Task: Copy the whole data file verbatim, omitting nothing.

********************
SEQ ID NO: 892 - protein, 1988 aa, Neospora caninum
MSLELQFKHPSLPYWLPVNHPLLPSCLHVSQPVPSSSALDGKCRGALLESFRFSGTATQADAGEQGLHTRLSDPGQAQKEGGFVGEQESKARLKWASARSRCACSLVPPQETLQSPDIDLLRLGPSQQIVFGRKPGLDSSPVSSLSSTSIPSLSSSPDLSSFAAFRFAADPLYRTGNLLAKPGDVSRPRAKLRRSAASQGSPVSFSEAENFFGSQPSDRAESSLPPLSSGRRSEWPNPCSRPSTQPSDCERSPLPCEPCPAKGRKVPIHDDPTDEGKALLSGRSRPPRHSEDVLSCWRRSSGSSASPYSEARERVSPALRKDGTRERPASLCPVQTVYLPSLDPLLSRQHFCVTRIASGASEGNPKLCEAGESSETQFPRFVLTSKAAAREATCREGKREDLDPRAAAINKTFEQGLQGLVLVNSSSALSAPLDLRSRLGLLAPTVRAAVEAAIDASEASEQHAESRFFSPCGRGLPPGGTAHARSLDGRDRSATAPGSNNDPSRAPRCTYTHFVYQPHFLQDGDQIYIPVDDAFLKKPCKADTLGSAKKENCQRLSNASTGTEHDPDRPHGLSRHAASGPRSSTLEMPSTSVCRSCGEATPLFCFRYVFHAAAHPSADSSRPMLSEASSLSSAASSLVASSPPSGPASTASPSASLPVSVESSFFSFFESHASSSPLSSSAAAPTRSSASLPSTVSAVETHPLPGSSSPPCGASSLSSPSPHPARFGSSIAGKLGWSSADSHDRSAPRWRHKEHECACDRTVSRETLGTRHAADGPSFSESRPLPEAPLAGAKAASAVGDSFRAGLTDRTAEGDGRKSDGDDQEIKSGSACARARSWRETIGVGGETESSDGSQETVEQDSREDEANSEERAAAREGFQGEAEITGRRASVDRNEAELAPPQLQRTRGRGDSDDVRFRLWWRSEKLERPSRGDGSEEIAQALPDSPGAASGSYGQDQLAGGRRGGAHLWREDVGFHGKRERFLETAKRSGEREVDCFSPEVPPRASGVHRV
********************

SEQ ID NO: 892 - protein, 1988 aa, Neospora caninum
MSLELQFKHPSLPYWLPVNHPLLPSCLHVSQPVPSSSALDGKCRGALLESFRFSGTATQADAGEQGLHTRLSDPGQAQKEGGFVGEQESKARLKWASARSRCACSLVPPQETLQSPDIDLLRLGPSQQIVFGRKPGLDSSPVSSLSSTSIPSLSSSPDLSSFAAFRFAADPLYRTGNLLAKPGDVSRPRAKLRRSAASQGSPVSFSEAENFFGSQPSDRAESSLPPLSSGRRSEWPNPCSRPSTQPSDCERSPLPCEPCPAKGRKVPIHDDPTDEGKALLSGRSRPPRHSEDVLSCWRRSSGSSASPYSEARERVSPALRKDGTRERPASLCPVQTVYLPSLDPLLSRQHFCVTRIASGASEGNPKLCEAGESSETQFPRFVLTSKAAAREATCREGKREDLDPRAAAINKTFEQGLQGLVLVNSSSALSAPLDLRSRLGLLAPTVRAAVEAAIDASEASEQHAESRFFSPCGRGLPPGGTAHARSLDGRDRSATAPGSNNDPSRAPRCTYTHFVYQPHFLQDGDQIYIPVDDAFLKKPCKADTLGSAKKENCQRLSNASTGTEHDPDRPHGLSRHAASGPRSSTLEMPSTSVCRSCGEATPLFCFRYVFHAAAHPSADSSRPMLSEASSLSSAASSLVASSPPSGPASTASPSASLPVSVESSFFSFFESHASSSPLSSSAAAPTRSSASLPSTVSAVETHPLPGSSSPPCGASSLSSPSPHPARFGSSIAGKLGWSSADSHDRSAPRWRHKEHECACDRTVSRETLGTRHAADGPSFSESRPLPEAPLAGAKAASAVGDSFRAGLTDRTAEGDGRKSDGDDQEIKSGSACARARSWRETIGVGGETESSDGSQETVEQDSREDEANSEERAAAREGFQGEAEITGRRASVDRNEAELAPPQLQRTRGRGDSDDVRFRLWWRSEKLERPSRGDGSEEIAQALPDSPGAASGSYGQDQLAGGRRGGAHLWREDVGFHGKRERFLETAKRSGEREVDCFSPEVPPRASGVHRV